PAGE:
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“Among Equals In the Republic of Baseball”

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May 3, 2012 by Stephen

Those are the final words in an opinion piece by George F. Will in today’s Washington Post.  They are written about his soon-to-be 40- year-old son, Jon.  Jon has Down syndrome.  When he was born, the life expectancy for people with Down syndrome was about 20 years.  Today, after discovering that people with Down syndrome are people capable of living well, that life expectancy is 60 years.  Will offers several compelling, at least to me, reasons/arguments for why more people like his son Jon would be a benefit to our world. They are nice, they are brave, and they are trusting – all qualities our world could benefit from having more of in people.

As someone who lives in the metro D.C. area, I found the last few paragraphs of the piece especially interesting.  Will says that his son has benefitted the most from two things in D.C. – the Metro subway system and the return of baseball to D.C.  Jon is an expert at using the subway, something which cannot be said about many in our area.  The (athletically gifted) baseball players are extraordinarily nice and welcoming to Jon.

Jon’s gift is his serenity:

The eldest of four siblings, he has seen two brothers and a sister surpass him in size, and acquire cars and college educations. He, however, with an underdeveloped entitlement mentality, has been equable about life’s sometimes careless allocation of equity. Perhaps this is partly because, given the nature of Down syndrome, neither he nor his parents have any tormenting sense of what might have been. Down syndrome did not alter the trajectory of his life; Jon was Jon from conception on.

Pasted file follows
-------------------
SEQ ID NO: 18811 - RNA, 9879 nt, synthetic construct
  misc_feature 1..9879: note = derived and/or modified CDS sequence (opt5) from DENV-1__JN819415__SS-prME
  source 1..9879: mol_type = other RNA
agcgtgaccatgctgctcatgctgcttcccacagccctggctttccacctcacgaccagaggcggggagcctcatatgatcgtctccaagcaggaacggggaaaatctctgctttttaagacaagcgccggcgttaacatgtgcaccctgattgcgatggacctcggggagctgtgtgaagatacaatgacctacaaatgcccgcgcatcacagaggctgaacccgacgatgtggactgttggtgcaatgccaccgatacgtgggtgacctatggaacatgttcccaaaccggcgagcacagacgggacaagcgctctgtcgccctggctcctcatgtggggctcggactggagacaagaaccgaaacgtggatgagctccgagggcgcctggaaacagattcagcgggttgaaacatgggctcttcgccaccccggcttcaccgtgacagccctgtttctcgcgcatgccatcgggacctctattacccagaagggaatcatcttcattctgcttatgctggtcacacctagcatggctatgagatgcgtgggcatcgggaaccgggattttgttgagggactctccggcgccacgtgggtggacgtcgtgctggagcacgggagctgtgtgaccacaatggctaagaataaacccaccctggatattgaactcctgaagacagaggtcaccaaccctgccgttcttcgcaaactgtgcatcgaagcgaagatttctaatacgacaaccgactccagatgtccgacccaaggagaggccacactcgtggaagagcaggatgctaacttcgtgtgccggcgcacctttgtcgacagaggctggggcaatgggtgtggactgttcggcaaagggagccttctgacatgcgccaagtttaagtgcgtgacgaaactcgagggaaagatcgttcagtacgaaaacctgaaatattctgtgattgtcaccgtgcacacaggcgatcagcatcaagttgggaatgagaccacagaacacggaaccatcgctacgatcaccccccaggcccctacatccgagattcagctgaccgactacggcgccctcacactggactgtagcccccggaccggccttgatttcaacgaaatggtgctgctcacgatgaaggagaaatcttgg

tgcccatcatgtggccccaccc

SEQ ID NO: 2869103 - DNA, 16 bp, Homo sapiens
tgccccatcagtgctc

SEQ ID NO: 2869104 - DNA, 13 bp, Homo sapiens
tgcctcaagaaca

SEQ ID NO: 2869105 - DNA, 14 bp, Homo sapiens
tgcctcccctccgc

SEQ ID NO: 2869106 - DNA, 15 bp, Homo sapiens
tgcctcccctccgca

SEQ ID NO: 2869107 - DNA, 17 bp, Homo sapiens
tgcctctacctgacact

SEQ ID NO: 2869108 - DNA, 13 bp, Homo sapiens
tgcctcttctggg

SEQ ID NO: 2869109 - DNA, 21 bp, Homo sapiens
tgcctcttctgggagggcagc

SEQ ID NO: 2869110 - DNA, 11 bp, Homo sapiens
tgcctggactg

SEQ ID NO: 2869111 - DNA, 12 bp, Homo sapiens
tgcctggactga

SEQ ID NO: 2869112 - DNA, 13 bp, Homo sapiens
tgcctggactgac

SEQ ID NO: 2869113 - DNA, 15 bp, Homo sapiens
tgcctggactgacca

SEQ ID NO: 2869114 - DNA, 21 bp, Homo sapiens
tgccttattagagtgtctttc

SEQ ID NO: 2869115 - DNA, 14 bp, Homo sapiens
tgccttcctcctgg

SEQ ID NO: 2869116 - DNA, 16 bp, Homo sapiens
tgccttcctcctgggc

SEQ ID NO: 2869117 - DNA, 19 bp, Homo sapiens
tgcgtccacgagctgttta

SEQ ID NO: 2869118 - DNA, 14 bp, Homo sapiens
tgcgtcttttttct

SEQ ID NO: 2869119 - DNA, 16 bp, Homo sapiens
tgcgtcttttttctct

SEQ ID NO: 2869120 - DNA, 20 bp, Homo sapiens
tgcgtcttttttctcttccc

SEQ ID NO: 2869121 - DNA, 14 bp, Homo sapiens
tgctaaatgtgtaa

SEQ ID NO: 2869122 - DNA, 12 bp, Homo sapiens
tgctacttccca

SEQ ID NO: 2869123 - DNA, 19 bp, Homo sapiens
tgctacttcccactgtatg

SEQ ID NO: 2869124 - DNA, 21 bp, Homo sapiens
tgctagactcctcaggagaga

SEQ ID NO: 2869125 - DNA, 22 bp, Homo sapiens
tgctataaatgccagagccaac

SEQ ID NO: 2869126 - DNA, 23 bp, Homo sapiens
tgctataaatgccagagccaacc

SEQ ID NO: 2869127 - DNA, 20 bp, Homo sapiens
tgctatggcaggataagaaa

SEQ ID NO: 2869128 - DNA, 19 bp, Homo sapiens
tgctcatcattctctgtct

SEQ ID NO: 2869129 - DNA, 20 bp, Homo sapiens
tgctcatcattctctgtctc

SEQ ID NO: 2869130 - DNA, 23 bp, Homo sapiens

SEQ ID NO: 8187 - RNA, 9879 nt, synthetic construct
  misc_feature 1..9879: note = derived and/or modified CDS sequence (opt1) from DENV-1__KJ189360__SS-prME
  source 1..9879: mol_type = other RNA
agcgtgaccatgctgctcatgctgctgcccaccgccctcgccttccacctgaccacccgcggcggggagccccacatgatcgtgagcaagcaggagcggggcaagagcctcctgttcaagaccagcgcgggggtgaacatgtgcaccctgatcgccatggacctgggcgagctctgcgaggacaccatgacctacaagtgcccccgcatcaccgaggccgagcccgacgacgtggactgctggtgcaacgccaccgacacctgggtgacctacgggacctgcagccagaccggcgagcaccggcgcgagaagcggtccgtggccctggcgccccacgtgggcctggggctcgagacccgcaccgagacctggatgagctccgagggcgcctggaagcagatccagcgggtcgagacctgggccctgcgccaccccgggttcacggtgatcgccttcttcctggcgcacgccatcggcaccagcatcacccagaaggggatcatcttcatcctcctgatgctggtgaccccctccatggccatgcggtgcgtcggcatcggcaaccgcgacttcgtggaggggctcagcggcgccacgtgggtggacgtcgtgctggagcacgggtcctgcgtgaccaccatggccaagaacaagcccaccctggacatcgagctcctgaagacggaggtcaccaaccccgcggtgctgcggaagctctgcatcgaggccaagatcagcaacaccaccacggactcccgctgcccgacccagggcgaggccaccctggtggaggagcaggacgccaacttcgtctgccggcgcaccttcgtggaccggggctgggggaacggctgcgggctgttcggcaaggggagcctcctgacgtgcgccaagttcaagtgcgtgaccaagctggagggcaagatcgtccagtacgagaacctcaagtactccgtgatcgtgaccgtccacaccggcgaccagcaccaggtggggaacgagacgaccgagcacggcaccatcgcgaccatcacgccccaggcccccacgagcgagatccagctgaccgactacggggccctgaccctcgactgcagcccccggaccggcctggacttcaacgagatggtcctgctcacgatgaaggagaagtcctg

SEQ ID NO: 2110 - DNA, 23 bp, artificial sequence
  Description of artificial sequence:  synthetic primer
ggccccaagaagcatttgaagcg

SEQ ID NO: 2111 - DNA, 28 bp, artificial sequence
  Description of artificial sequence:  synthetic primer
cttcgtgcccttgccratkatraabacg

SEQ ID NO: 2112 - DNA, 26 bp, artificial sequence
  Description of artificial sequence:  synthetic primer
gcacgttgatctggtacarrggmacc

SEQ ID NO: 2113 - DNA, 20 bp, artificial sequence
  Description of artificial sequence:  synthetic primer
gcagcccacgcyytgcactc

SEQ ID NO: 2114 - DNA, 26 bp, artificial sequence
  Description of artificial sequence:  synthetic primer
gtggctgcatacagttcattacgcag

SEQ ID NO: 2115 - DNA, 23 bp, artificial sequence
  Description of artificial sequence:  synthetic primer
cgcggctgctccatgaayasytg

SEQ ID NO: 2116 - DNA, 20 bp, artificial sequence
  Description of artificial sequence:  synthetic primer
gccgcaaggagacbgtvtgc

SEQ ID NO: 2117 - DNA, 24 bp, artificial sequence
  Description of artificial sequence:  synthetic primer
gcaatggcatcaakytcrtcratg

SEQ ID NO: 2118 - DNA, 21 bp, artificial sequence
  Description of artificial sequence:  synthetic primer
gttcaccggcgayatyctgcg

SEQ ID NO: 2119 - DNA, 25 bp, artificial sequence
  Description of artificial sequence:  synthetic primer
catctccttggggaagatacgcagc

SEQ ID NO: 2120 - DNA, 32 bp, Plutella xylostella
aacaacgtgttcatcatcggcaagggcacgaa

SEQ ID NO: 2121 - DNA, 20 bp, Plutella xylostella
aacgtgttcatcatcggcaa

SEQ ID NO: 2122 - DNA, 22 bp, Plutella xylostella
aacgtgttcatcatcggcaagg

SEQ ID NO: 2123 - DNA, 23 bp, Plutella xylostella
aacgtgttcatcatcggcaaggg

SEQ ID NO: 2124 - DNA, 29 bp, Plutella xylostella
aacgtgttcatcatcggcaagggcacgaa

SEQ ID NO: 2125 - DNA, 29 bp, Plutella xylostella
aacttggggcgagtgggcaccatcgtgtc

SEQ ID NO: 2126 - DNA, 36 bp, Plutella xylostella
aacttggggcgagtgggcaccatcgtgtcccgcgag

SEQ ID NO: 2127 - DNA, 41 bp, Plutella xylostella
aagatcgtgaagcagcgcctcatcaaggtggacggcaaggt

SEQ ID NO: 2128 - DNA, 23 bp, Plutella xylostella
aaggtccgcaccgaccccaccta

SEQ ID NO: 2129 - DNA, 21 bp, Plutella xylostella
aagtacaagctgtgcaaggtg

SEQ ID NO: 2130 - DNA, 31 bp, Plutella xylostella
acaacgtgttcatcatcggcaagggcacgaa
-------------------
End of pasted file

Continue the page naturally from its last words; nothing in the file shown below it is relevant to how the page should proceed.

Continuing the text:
Tomorrow is Jon’s birthday.  He’ll spend it at his seat at the Nationals game, rooting for the Nats to beat the Phillies.  He won’t be a man with Down syndrome – he’ll be a Washington Nationals fan.  Happy Birthday, Jon!

Photo by Victoria Will

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2 thoughts on ““Among Equals In the Republic of Baseball”

  1. I think “altering the trajectories” of our lives is one of the biggest contributions to disgruntlement and stress among us. I sometimes wish my life had been one continuous straight line towards whatever destination I was intended.
    There are still many who scoff at those they feel are less well-equipped to live in this fast paced society. I, for one, admire them.

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